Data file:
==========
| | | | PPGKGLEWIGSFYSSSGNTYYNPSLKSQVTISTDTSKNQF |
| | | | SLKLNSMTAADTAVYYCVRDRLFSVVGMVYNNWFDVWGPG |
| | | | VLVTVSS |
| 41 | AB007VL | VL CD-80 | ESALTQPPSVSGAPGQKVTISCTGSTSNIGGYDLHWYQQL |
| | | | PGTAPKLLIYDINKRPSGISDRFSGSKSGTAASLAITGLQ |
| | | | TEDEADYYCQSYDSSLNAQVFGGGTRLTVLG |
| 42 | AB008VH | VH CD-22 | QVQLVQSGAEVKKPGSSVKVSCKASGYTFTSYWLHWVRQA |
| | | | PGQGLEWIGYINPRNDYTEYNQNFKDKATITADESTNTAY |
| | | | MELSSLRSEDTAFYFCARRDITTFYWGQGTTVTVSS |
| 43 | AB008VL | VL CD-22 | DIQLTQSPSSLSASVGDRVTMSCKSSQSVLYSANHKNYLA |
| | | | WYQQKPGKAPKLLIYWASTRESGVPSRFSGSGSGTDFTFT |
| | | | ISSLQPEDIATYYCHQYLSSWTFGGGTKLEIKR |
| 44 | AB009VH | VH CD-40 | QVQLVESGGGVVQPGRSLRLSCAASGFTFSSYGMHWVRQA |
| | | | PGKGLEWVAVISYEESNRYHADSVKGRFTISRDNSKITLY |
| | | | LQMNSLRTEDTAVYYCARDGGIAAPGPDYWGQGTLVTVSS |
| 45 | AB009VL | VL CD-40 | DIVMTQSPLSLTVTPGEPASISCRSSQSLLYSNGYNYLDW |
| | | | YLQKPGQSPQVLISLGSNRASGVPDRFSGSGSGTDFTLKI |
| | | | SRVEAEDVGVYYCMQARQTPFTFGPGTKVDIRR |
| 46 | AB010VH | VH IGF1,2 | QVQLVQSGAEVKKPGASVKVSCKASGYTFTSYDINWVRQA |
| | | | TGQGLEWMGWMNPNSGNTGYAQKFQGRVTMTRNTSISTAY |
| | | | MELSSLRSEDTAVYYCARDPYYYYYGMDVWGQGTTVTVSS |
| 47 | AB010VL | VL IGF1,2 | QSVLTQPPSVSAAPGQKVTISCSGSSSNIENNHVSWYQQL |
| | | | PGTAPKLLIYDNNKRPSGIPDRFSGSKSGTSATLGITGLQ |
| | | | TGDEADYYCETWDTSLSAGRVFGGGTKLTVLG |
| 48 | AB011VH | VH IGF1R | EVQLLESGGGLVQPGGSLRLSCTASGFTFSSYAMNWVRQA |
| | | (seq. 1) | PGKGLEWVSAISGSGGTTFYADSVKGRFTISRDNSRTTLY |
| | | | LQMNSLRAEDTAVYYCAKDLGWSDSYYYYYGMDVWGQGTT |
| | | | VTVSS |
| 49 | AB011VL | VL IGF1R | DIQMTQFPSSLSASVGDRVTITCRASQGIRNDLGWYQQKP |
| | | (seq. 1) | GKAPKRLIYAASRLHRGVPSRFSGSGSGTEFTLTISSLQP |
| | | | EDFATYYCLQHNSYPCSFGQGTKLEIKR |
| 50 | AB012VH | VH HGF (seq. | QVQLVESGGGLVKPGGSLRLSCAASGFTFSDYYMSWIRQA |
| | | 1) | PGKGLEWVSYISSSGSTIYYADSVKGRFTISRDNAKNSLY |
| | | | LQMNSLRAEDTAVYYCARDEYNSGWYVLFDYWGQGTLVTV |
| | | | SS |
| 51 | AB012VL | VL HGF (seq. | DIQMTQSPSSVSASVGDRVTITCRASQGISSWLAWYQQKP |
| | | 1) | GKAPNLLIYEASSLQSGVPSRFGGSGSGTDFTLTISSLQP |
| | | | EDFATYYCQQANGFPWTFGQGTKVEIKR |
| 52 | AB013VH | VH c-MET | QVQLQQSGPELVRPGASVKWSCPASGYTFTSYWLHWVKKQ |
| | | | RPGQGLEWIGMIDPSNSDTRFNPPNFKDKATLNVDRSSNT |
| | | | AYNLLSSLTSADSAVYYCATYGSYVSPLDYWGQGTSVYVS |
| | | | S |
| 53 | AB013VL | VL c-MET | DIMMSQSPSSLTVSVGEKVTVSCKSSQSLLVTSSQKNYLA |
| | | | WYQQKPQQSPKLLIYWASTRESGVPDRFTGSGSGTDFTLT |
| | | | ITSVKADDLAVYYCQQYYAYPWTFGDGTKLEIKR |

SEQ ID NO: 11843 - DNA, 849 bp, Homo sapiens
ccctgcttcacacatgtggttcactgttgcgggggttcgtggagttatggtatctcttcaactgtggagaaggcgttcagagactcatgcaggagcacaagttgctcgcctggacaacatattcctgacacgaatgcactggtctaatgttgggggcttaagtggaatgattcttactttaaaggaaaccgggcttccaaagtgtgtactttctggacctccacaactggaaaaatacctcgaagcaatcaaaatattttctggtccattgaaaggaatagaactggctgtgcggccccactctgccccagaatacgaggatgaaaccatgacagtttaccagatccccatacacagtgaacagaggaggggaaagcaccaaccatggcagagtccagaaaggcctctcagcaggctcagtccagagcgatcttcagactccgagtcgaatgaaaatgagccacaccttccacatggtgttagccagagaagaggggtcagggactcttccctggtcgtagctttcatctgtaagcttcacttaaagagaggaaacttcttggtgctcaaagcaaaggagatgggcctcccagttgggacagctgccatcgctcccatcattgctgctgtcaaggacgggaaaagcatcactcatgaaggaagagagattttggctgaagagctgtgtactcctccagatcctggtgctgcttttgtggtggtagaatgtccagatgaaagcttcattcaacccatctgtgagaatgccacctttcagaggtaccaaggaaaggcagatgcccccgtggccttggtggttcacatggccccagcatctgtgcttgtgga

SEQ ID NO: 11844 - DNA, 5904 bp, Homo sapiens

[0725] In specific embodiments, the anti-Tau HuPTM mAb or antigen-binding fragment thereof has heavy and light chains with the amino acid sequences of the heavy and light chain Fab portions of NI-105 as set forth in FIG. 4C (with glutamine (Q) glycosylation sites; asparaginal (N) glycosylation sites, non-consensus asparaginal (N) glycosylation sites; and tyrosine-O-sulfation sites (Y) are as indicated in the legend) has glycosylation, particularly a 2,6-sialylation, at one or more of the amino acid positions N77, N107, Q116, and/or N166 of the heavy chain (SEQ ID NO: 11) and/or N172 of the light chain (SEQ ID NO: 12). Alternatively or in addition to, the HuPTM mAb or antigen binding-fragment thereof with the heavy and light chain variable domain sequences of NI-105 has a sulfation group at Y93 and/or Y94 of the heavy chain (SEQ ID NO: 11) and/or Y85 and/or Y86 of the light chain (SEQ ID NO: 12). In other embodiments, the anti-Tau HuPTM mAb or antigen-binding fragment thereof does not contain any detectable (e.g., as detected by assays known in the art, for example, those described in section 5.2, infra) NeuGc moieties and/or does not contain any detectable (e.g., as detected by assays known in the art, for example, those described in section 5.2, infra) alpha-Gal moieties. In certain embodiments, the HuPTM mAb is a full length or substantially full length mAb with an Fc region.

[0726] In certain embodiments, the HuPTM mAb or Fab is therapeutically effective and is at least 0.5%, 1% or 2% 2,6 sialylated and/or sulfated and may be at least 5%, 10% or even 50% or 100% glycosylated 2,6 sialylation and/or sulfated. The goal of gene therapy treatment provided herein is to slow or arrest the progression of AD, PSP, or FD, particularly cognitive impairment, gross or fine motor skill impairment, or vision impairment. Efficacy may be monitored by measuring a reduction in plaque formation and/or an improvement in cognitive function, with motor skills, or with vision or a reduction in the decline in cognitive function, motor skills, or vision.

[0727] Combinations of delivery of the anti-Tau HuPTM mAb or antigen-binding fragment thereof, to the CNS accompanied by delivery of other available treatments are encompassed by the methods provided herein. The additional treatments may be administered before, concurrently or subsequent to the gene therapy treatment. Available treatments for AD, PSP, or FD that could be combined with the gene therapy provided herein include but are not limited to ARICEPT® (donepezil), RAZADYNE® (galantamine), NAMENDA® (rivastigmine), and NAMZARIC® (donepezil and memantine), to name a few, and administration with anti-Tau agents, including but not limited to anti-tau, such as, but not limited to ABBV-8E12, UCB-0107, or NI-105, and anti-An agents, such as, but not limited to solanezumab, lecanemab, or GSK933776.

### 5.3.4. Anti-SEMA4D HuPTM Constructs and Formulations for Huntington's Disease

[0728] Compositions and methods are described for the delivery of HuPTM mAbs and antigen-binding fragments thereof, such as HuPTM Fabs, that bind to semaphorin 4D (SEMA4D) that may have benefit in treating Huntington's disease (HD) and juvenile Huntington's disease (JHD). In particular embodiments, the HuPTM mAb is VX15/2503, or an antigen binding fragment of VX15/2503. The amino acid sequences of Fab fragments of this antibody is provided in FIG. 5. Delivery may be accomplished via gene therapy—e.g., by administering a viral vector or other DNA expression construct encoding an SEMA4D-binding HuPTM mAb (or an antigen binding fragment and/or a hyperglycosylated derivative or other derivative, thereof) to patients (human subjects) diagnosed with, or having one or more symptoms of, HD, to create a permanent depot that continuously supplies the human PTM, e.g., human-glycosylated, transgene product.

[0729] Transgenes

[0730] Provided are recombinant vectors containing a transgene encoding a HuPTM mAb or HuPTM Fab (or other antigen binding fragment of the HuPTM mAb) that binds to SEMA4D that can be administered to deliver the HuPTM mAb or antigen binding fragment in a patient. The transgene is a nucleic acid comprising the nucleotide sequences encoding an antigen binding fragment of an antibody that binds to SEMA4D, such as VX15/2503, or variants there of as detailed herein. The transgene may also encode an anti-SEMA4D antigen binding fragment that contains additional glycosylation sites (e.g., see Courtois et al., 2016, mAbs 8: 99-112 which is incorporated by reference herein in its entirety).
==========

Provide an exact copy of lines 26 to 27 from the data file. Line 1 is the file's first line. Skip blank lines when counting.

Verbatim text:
| | | (seq. 1) | PGKGLEWVSAISGSGGTTFYADSVKGRFTISRDNSRTTLY |
| | | | LQMNSLRAEDTAVYYCAKDLGWSDSYYYYYGMDVWGQGTT |